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Edwards v. Arthur Andersen LLP - 44 Cal. 4th 937, 81 Cal. Rptr. 3d 282, 189 P.3d 285 (Cal. 2008)


Cal. Bus. & Prof. Code § 16600 evinces a settled legislative policy in favor of open competition and employee mobility. The law protects Californians and ensures that every citizen shall retain the right to pursue any lawful employment and enterprise of his or her choice. It protects the important legal right of persons to engage in businesses and occupations of their choosing.


In January 1997, plaintiff Raymond Edwards II was hired as a tax manager by the Los Angeles office of defendant Arthur Andersen LLP ("Andersen"). Andersen's employment offer was made contingent upon Edwards' signing a noncompetition agreement, which prohibited him from working for or soliciting certain Andersen clients for limited periods following his termination. The agreement was required of all managers. In 2002, Edwards was offered a position at another firm ("Firm"), which was purchasing Andersen's tax practice. As a condition of that employment, Edwards was required to sign a "Termination of Non-compete Agreement" ("TONC"), which, inter alia, released Andersen from all claims arising from his employment with Andersen. Edwards refused to sign the TONC; Andersen terminated his employment, and the Firm withdrew its offer of employment. Edwards then filed a lawsuit against Andersen in California state court asserting claims for intentional interference with prospective economic advantage and anticompetitive business practices under the Cartwright Act. Edwards alleged that the noncompetition agreement was invalid. Ultimately, judgment was entered for Andersen. Edwards appealed, and the appellate court held, inter alia, that the noncompetition agreement was invalid and that the TONC violated public policy. The state supreme court granted review.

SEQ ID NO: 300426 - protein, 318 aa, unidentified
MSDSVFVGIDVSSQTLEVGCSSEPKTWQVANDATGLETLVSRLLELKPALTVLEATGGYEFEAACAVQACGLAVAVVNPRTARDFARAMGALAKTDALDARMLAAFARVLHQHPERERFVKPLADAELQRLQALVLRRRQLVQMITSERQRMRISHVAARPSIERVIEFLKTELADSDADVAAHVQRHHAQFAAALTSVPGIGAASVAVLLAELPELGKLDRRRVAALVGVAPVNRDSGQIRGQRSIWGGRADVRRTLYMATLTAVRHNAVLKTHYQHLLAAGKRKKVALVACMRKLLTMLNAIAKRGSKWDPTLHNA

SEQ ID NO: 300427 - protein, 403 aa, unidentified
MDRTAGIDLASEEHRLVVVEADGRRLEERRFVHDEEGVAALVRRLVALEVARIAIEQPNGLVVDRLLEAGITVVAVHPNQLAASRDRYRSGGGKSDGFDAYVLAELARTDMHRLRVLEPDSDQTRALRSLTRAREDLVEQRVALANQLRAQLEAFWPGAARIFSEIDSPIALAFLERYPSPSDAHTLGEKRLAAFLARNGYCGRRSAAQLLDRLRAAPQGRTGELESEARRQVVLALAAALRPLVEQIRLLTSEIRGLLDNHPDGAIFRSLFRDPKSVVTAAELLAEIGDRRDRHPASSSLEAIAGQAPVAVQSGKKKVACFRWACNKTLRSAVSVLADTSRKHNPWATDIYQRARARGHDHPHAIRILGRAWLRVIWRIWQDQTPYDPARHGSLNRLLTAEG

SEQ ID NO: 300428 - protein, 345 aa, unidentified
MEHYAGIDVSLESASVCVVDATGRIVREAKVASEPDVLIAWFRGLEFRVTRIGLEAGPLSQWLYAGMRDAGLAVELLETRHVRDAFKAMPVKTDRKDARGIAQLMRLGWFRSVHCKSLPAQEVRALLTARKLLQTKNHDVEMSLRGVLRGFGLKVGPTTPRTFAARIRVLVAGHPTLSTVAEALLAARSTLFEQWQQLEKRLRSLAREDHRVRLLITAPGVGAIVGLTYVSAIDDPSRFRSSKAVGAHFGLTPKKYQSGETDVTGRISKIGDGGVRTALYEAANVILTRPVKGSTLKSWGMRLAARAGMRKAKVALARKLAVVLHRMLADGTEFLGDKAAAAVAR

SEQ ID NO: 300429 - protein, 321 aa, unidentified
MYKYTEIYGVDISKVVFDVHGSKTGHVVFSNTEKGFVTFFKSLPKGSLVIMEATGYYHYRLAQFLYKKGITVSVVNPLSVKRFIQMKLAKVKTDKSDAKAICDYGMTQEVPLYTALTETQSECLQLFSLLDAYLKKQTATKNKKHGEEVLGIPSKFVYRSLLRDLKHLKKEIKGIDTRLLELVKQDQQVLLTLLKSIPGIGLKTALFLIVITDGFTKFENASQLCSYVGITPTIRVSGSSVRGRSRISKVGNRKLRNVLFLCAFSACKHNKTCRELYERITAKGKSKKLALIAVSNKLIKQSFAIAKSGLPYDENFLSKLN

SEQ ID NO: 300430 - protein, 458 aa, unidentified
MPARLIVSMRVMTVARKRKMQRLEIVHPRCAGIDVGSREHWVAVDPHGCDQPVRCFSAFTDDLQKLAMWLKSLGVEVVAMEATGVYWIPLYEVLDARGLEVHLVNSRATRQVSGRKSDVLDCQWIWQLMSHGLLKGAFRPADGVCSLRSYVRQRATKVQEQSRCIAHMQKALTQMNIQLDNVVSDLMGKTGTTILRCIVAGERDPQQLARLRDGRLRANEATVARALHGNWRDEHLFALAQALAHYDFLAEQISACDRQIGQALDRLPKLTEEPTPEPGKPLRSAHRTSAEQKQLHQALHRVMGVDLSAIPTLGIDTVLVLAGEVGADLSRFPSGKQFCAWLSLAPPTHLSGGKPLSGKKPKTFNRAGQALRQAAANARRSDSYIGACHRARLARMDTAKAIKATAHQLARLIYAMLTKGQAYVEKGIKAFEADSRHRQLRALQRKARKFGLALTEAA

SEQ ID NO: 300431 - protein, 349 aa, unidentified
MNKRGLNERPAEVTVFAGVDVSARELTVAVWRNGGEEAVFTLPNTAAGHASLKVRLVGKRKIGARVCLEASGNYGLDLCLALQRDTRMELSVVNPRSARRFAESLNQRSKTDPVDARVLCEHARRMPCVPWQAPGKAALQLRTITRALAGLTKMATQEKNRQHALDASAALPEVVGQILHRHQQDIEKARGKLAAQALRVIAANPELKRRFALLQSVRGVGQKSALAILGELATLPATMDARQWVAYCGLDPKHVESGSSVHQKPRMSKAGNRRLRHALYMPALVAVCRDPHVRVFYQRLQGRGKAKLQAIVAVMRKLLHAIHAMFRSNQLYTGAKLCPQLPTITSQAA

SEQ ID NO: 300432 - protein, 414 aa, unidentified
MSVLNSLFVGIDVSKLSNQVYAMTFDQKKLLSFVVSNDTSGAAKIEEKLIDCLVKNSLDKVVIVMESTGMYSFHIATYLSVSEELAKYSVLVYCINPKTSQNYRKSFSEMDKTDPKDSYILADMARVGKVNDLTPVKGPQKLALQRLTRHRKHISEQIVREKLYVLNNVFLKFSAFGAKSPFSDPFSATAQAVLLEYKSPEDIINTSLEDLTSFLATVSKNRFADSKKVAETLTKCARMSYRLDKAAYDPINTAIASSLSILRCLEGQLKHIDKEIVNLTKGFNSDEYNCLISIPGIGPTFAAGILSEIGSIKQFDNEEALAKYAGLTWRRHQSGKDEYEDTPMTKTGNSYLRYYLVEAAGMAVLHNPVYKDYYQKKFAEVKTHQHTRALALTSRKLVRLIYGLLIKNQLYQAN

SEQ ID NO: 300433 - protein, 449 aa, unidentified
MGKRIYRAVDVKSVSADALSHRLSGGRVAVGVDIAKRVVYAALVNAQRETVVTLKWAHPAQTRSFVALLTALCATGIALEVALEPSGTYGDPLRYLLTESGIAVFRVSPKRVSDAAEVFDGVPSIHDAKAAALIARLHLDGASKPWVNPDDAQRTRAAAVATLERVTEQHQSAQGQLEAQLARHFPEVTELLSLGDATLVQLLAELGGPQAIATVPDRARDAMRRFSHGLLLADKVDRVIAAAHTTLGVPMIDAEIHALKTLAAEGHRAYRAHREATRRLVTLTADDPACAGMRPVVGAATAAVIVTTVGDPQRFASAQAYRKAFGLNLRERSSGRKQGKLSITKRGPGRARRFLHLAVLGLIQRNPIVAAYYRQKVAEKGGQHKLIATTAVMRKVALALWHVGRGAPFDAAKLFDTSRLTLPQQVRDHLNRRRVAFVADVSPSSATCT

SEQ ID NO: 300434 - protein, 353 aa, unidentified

Was Andersen's noncompetition agreement invalid?




The state supreme court affirmed in part and reversed in part the appellate court's judgment and remanded the matter to that court for further proceedings. The court affirmed that part of the appellate court's judgment that held that the noncompetition agreement was invalid. The court ruled that the noncompetition agreement impermissibly restrained Edwards' ability to practice his profession as a certified public accountant by prohibiting him, for an 18-month period, from performing professional services of the type he had provided while at Andersen for any client on whose account he had worked during 18 months prior to his termination. The court ruled, however, that the appellate court erred in its finding that the TONC was invalid. The TONC did not purport to release Andersen from any nonwaivable statutory claims and therefore was not unlawful under Cal. Lab. Code, §§ 2802, 2804. The TONC did not expressly reference indemnity rights, nor did it encompass a waiver of Edwards' indemnity rights. 

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